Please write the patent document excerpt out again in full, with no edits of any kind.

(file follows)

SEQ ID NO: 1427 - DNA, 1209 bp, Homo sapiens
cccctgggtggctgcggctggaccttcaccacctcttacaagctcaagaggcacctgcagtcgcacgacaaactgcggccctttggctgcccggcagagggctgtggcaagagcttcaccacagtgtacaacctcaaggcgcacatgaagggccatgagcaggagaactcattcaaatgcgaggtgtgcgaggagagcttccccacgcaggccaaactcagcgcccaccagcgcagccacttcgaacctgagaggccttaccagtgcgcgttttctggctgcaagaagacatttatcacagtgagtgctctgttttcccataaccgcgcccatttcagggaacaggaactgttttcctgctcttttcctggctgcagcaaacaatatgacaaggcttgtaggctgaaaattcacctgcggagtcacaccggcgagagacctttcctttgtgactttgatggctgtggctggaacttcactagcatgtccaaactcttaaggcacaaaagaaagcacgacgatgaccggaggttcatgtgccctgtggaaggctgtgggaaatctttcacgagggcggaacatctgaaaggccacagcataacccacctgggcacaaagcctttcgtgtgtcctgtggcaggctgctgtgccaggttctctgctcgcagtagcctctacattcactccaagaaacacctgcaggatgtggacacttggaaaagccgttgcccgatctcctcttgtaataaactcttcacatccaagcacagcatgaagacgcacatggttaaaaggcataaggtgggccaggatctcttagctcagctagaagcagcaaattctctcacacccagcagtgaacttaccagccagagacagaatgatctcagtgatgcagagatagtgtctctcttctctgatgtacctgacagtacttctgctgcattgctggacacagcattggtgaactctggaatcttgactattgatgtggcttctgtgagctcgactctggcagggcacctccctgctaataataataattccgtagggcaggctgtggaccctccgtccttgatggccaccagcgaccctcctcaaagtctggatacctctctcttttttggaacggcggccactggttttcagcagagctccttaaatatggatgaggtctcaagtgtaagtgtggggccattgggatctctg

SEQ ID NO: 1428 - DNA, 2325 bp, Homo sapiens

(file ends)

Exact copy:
SEQ ID NO: 1427 - DNA, 1209 bp, Homo sapiens
cccctgggtggctgcggctggaccttcaccacctcttacaagctcaagaggcacctgcagtcgcacgacaaactgcggccctttggctgcccggcagagggctgtggcaagagcttcaccacagtgtacaacctcaaggcgcacatgaagggccatgagcaggagaactcattcaaatgcgaggtgtgcgaggagagcttccccacgcaggccaaactcagcgcccaccagcgcagccacttcgaacctgagaggccttaccagtgcgcgttttctggctgcaagaagacatttatcacagtgagtgctctgttttcccataaccgcgcccatttcagggaacaggaactgttttcctgctcttttcctggctgcagcaaacaatatgacaaggcttgtaggctgaaaattcacctgcggagtcacaccggcgagagacctttcctttgtgactttgatggctgtggctggaacttcactagcatgtccaaactcttaaggcacaaaagaaagcacgacgatgaccggaggttcatgtgccctgtggaaggctgtgggaaatctttcacgagggcggaacatctgaaaggccacagcataacccacctgggcacaaagcctttcgtgtgtcctgtggcaggctgctgtgccaggttctctgctcgcagtagcctctacattcactccaagaaacacctgcaggatgtggacacttggaaaagccgttgcccgatctcctcttgtaataaactcttcacatccaagcacagcatgaagacgcacatggttaaaaggcataaggtgggccaggatctcttagctcagctagaagcagcaaattctctcacacccagcagtgaacttaccagccagagacagaatgatctcagtgatgcagagatagtgtctctcttctctgatgtacctgacagtacttctgctgcattgctggacacagcattggtgaactctggaatcttgactattgatgtggcttctgtgagctcgactctggcagggcacctccctgctaataataataattccgtagggcaggctgtggaccctccgtccttgatggccaccagcgaccctcctcaaagtctggatacctctctcttttttggaacggcggccactggttttcagcagagctccttaaatatggatgaggtctcaagtgtaagtgtggggccattgggatctctg

SEQ ID NO: 1428 - DNA, 2325 bp, Homo sapiens